December 14, 2016
3 min read

Infrapopliteal DES linked to lower rates of restenosis, TLR, amputation vs. other devices

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Compared with plain balloon angioplasty or bare-metal stents, infrapopliteal drug-eluting stents appear to yield significantly lower rates of restenosis, target lesion revascularization and amputation, and promote wound healing, according to recent findings.

In the systematic review and Bayesian network meta-analysis, researchers identified randomized clinical trials comparing various endovascular devices for management of below-the-knee arteries.

Eligible trials were randomized controlled trials with open-label, single blind or double blind designs that investigated any type of balloon or stent placed in the infrapopliteal arteries for de novo lesions in patients with critical limb ischemia or intermittent claudication. Eligible studies also had at least 6-month clinical and/or angiographic follow-up. Researchers independently evaluated the quality of the randomized controlled trials, and quality of evidence was evaluated through the GRADE system.

The study’s efficacy outcome measures included restenosis, clinically driven TLR, complete wound healing and target limb amputation. The researchers identified 16 randomized controlled trials (n = 1,805) with 1-year median follow-up.

The researchers performed direct pairwise meta-analyses of head-to-head comparisons using standard frequentist approaches. All endpoints were evaluated with Bayesian binomial model to determine relative ORs with 95% credible intervals (CrI) between the different treatments. The researchers performed sensitivity, heterogeneity and specificity analyses. Angiographic follow-up was available in nine trials.

Decreased restenosis

According to the researchers, there was high quality of evidence that DES resulted in significantly decreased restenosis vs. BMS (OR = 0.26; 95% CrI, 0.12-0.51) and balloon angioplasty (OR = 0.22; 95% CrI, 0.11-0.45).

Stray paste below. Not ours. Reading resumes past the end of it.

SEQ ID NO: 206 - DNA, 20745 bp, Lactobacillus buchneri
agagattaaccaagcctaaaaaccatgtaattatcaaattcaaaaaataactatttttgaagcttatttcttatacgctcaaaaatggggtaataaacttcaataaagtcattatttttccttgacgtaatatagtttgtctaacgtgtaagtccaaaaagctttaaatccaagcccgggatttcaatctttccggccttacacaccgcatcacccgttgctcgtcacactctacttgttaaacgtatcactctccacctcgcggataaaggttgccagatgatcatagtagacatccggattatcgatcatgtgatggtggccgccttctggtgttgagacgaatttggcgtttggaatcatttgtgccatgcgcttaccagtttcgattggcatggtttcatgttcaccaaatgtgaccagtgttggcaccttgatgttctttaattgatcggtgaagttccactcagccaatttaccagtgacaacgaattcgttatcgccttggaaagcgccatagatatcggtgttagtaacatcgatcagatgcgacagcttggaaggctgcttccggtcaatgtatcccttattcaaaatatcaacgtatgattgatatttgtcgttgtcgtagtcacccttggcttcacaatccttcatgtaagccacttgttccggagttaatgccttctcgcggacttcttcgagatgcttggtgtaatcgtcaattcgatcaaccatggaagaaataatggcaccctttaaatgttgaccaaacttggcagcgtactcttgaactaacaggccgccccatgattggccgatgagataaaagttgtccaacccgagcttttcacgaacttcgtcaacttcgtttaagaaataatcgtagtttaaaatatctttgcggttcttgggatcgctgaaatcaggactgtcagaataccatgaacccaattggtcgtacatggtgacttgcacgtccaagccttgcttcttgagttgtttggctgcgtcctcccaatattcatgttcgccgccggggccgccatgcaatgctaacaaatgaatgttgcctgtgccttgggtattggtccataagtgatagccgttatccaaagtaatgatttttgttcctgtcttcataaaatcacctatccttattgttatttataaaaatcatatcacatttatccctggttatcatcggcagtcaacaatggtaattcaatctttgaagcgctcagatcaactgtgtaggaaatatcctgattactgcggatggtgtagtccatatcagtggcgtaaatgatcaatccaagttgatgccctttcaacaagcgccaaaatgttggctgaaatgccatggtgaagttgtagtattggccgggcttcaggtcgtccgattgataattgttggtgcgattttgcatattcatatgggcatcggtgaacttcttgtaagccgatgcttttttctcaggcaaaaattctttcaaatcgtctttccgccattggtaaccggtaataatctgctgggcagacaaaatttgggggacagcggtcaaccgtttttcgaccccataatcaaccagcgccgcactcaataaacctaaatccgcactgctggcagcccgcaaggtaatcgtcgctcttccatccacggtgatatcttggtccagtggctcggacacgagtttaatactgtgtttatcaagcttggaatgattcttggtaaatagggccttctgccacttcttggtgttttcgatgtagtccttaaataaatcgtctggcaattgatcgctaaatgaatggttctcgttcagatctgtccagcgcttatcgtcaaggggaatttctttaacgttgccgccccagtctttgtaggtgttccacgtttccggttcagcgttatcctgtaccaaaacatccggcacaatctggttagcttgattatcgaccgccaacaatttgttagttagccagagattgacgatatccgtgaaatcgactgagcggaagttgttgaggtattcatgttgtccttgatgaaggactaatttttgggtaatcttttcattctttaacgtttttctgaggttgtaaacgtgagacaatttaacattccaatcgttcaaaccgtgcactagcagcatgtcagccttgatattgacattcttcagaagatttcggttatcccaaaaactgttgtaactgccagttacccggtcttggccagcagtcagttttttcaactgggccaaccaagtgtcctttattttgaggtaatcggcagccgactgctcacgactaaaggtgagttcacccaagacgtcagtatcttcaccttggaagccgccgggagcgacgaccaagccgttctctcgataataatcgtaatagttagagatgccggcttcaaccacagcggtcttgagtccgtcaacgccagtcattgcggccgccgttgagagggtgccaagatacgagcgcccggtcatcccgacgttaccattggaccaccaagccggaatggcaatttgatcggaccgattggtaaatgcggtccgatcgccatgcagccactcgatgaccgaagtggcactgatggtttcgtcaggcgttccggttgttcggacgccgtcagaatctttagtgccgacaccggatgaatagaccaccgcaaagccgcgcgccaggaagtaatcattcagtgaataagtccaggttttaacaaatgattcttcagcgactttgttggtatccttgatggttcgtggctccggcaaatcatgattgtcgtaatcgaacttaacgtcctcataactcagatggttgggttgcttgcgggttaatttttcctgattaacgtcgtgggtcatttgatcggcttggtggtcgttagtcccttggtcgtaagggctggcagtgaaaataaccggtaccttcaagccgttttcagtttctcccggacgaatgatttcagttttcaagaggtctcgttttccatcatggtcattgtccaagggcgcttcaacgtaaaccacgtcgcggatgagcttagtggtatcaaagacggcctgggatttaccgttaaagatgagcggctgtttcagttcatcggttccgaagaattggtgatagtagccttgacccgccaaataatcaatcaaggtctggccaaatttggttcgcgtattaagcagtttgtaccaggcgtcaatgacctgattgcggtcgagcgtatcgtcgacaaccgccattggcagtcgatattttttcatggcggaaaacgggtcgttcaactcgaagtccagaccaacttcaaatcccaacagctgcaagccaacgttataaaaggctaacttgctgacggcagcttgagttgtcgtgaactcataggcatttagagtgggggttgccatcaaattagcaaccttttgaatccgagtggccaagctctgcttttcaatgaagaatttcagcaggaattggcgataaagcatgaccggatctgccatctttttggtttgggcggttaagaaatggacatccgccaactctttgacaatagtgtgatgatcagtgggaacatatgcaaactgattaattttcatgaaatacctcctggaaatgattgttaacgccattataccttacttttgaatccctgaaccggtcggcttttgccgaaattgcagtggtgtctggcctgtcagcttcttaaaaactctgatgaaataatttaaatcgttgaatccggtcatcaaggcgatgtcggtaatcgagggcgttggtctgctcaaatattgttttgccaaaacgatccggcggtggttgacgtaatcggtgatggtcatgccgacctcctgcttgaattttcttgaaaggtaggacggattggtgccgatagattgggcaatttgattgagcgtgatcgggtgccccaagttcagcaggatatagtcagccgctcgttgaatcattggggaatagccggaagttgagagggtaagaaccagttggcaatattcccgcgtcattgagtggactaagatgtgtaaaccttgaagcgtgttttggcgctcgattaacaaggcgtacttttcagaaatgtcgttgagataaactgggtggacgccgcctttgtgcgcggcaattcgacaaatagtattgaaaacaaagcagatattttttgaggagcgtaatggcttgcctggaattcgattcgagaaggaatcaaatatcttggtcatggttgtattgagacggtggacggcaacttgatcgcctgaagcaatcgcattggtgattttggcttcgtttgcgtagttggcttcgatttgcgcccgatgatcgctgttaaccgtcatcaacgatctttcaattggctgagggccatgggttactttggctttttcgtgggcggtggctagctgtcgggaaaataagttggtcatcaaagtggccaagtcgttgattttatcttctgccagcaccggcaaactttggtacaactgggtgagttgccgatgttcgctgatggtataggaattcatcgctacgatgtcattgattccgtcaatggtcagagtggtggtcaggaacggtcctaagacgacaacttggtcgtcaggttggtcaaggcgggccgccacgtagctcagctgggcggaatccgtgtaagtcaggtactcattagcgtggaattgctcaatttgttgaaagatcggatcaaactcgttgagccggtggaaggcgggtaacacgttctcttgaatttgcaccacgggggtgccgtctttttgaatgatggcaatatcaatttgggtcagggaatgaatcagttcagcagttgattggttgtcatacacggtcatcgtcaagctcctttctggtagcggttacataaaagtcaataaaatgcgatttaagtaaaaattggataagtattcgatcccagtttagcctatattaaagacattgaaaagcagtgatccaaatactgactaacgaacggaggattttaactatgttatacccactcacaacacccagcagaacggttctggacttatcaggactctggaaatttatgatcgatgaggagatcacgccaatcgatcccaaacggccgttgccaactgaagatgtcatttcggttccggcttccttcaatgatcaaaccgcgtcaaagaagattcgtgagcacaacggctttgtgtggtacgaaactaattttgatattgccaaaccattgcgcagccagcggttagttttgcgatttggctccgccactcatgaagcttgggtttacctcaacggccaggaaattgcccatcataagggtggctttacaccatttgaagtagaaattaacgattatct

The need for TLR also was significantly reduced by infrapopliteal DES vs. balloon angioplasty (OR = 0.41; 95% CrI, 0.22-0.75) and BMS (OR = 0.26; 95% CrI, 0.15-0.45). Paclitaxel-coated balloons also significantly decreased TLR rates vs. balloon angioplasty (OR = 0.55; 95% CrI, 0.34-0.9) and BMS (OR = 0.35; 95% CrI, 0.18-0.67), but with low to moderate quality of evidence, according to the researchers. Balloon angioplasty was superior to BMS (OR = 0.63; 95% CrI, 0.4-0.99), with high quality of evidence.

DES was found to be the best option in terms of limb amputation and significantly decreased lower-extremity amputation vs. balloon angioplasty (OR = 0.58; 95% CrI, 0.35-0.96) and BMS (OR = 0.38; 95% CrI, 0.19-0.72), with high quality of evidence. Significantly improved wound healing was achieved with DES vs. balloon angioplasty (OR = 2.02; 95% CrI, 1.01-4.07) and BMS (OR = 3.45; 95% CrI, 1.41-8.73), the researchers wrote.

Pragmatic approach

In a related commentary, Arturo Giordano, MD, of the Unità Operativa di Interventistica Cardiovascolare, Presidio Ospedaliero Pineta Grande, Castel Volturno, Italy, and colleagues wrote that this information could be useful in guiding device choice in patients with infrapopliteal lesions.

Once we consider this evidence base as established, we can propose a pragmatic approach for device choice for infrapopliteal revascularization, largely based on lesion features,” the authors wrote. “Specifically, short lesions with limited complexity could be safely treated with [drug-coated balloons] or DES, whereas more diffuse and complex disease should probably be treated only with DES or a combination of DCB with spot DES implantation.”by Jennifer Byrne

Disclosure: The researchers report no relevant disclosures. One of the authors of the commentary reports consulting for Abbott Vascular, Bayer, Novartis and St. Jude Medical.